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[filmscanners] film and scanning vs digital photography

---------Included Message----------
>Date: 9-Jun-2007 01:06:25 -0400
>From: <lotusm50@sprynet.com>
>Reply-To: <filmscanners@halftone.co.uk>
>To: <ppatton@bgnet.bgsu.edu>
>Subject: [filmscanners] Re: film and scanning vs digital photography
 (I think the
>objective consensus would settle on a 10mp equivalence with 35mm
film at
>100 ISO, and 8 mp at 400 ISO).
In my case, I got
>still further improvement in image information and detail moving
>4000 dpi to 5400 dpi (and these weren't even drum scans)  From
what I
>saw in my scans and from DSLR's, it was not until you got to 10
mp that
>image quality was really comparable (note, that I usually am
shooting at
>ISO 100).

A few weeks ago I tried an experiment.  I took an image that I
took in full sunlight with Provia 100 film with a Nikon N90s
camera and 70-300 mm Nikon zoom (of the World War II Memorial in
Washington DC).  I scanned it at 4000 dpi with my Polaroid
SprintScan 4000 scanner, giving a 5,375 x 3,546 pixel image.
When I enlarge the image I do see some irregularities which might
be film grain, but I can't tell for sure because I don't know
what film grain looks like.  I then used bicubic resampling to
reduce the image to the size of a Nikon D200 image ie. 3,872 x
2,592 pixels (10.2 megapixels- the equivalent of scanning at 2881
dpi).  I put the two images side by side on my dual monitors and
zoomed down to a fine image detail (a person standing near the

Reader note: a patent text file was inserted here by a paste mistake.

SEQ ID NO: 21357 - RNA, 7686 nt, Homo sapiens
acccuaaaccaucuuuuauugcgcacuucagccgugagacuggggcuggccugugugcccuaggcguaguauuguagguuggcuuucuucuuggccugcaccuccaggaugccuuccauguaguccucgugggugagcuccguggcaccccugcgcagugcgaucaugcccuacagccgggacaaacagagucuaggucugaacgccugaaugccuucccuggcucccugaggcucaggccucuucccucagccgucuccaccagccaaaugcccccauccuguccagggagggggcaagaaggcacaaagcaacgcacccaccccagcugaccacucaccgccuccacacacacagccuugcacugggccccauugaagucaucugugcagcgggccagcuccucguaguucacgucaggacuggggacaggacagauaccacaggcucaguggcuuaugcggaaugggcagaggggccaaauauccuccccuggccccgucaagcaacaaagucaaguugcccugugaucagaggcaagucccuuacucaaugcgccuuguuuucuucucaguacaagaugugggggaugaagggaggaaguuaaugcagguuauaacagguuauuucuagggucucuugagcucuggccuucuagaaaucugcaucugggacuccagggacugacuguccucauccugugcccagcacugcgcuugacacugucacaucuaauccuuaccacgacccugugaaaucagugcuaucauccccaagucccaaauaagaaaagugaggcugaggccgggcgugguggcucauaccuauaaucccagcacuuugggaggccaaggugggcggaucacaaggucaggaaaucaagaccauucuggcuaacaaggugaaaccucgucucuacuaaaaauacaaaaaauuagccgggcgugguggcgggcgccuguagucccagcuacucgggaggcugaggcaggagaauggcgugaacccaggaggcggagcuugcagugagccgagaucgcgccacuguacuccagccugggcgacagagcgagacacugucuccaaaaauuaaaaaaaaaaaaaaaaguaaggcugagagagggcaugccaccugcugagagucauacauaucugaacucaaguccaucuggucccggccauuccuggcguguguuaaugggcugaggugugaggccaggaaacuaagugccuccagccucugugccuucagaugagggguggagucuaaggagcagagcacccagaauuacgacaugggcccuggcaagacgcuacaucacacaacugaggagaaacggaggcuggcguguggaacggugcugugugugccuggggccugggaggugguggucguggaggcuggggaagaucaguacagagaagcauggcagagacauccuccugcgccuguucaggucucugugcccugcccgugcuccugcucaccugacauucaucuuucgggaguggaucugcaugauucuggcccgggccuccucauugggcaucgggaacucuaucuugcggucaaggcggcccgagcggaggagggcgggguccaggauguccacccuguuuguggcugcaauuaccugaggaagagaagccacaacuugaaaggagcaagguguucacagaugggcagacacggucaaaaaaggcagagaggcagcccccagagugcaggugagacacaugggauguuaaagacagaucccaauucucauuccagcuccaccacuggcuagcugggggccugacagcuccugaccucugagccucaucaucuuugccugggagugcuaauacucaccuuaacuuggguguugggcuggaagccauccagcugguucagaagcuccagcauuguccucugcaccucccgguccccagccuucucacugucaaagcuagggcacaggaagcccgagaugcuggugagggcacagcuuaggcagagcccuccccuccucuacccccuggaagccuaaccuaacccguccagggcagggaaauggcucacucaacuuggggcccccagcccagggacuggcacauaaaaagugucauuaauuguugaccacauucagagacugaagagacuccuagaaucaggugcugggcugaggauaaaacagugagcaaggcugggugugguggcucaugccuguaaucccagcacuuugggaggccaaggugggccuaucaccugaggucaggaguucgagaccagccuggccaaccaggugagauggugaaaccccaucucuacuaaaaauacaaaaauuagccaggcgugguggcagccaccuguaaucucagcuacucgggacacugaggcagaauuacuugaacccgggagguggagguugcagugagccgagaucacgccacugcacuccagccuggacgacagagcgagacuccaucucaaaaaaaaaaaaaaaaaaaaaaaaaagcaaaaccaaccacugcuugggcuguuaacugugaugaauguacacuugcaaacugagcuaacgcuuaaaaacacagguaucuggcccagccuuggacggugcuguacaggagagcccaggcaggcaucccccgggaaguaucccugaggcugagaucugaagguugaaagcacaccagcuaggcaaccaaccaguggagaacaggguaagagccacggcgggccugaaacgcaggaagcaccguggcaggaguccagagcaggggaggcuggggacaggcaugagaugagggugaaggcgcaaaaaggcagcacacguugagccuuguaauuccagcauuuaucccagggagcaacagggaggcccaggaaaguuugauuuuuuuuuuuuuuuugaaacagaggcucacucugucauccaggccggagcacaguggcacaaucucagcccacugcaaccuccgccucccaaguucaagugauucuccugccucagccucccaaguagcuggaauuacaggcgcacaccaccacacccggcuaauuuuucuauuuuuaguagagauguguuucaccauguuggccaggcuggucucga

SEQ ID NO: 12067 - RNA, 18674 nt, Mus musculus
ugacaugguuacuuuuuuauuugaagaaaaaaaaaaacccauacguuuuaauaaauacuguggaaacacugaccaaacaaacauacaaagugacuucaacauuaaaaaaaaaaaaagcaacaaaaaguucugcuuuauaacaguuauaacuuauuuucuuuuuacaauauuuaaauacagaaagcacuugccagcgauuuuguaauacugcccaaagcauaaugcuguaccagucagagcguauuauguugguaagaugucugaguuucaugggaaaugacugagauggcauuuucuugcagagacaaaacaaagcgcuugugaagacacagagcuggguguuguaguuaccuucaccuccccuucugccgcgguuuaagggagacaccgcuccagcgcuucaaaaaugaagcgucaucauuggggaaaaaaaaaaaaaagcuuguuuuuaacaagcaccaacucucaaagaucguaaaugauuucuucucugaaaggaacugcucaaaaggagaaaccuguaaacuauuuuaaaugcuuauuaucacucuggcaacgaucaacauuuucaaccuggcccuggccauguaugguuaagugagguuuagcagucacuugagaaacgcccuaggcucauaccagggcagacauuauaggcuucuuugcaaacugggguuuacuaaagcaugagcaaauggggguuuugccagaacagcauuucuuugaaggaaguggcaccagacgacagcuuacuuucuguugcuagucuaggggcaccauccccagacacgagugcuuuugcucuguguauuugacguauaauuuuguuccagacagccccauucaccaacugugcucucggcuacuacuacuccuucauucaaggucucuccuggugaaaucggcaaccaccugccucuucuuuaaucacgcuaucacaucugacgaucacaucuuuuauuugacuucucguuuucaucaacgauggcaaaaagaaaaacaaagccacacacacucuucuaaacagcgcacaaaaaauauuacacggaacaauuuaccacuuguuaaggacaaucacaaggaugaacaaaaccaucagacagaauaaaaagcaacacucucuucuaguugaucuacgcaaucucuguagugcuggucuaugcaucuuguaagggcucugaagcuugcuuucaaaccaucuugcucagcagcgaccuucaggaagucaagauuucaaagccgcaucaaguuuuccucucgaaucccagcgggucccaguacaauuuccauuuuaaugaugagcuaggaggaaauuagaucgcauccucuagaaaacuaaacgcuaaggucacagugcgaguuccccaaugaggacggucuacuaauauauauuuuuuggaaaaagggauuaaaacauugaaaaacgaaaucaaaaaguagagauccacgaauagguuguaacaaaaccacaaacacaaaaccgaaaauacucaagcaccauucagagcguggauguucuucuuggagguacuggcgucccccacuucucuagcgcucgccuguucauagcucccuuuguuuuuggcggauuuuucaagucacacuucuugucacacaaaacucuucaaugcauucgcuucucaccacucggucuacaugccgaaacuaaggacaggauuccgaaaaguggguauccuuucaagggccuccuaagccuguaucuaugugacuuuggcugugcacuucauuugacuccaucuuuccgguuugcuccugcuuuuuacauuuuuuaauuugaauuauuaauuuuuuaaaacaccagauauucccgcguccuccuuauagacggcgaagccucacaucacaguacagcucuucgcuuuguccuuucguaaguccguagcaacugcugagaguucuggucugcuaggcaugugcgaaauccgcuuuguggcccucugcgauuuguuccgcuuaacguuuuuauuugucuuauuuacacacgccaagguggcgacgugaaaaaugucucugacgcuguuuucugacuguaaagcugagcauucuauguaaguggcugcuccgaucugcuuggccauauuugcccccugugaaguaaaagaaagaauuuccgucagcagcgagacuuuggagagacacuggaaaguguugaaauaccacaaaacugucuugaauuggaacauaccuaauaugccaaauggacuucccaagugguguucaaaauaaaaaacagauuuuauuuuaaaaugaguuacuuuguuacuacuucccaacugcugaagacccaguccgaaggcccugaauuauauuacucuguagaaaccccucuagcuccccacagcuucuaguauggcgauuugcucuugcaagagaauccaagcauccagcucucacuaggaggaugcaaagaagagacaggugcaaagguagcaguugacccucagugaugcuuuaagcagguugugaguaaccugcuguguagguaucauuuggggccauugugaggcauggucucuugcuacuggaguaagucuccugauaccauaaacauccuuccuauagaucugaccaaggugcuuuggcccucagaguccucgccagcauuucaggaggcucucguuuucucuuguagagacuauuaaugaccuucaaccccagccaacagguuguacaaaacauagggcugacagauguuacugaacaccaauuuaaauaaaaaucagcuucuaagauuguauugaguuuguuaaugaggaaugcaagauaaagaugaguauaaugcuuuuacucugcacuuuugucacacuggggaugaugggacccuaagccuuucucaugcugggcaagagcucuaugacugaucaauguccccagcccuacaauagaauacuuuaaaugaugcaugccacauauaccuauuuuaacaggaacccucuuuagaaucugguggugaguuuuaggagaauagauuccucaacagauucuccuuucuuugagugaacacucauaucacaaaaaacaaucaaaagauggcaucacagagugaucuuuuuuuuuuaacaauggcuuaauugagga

monument).  Although the pixels were clearly larger in the latter
image, it didn't seem to me that any image detail was missing.
This would seem to be consistent with the "objective consensus"
claim that 35 mm film at ISO 100 is equivalent to 10 mp, but it
would also suggest that there is no benefit to scanning film at
resolutions higher than about 3000 dpi.  This conflicts with
claims that it is beneficial to scan at 4000 dpi or higher
resolutions.  Am I likely seeing the limitations of the optics of
my scanner rather than of the information capacity of the film?
Anybody know how well the optics of the Polaroid SprintScan 4000
compares with those of Konica-Minolta or Nikon scanners?

Dr. Paul Patton
Life Sciences Building Rm 538A
work: (419)-372-3858
home: (419)-352-5523
Biology Department
Bowling Green State University
Bowling Green, Ohio 43403

"The most beautiful thing we can experience is
the mysterious.  It is the source of all true art
and science."
-Albert Einstein

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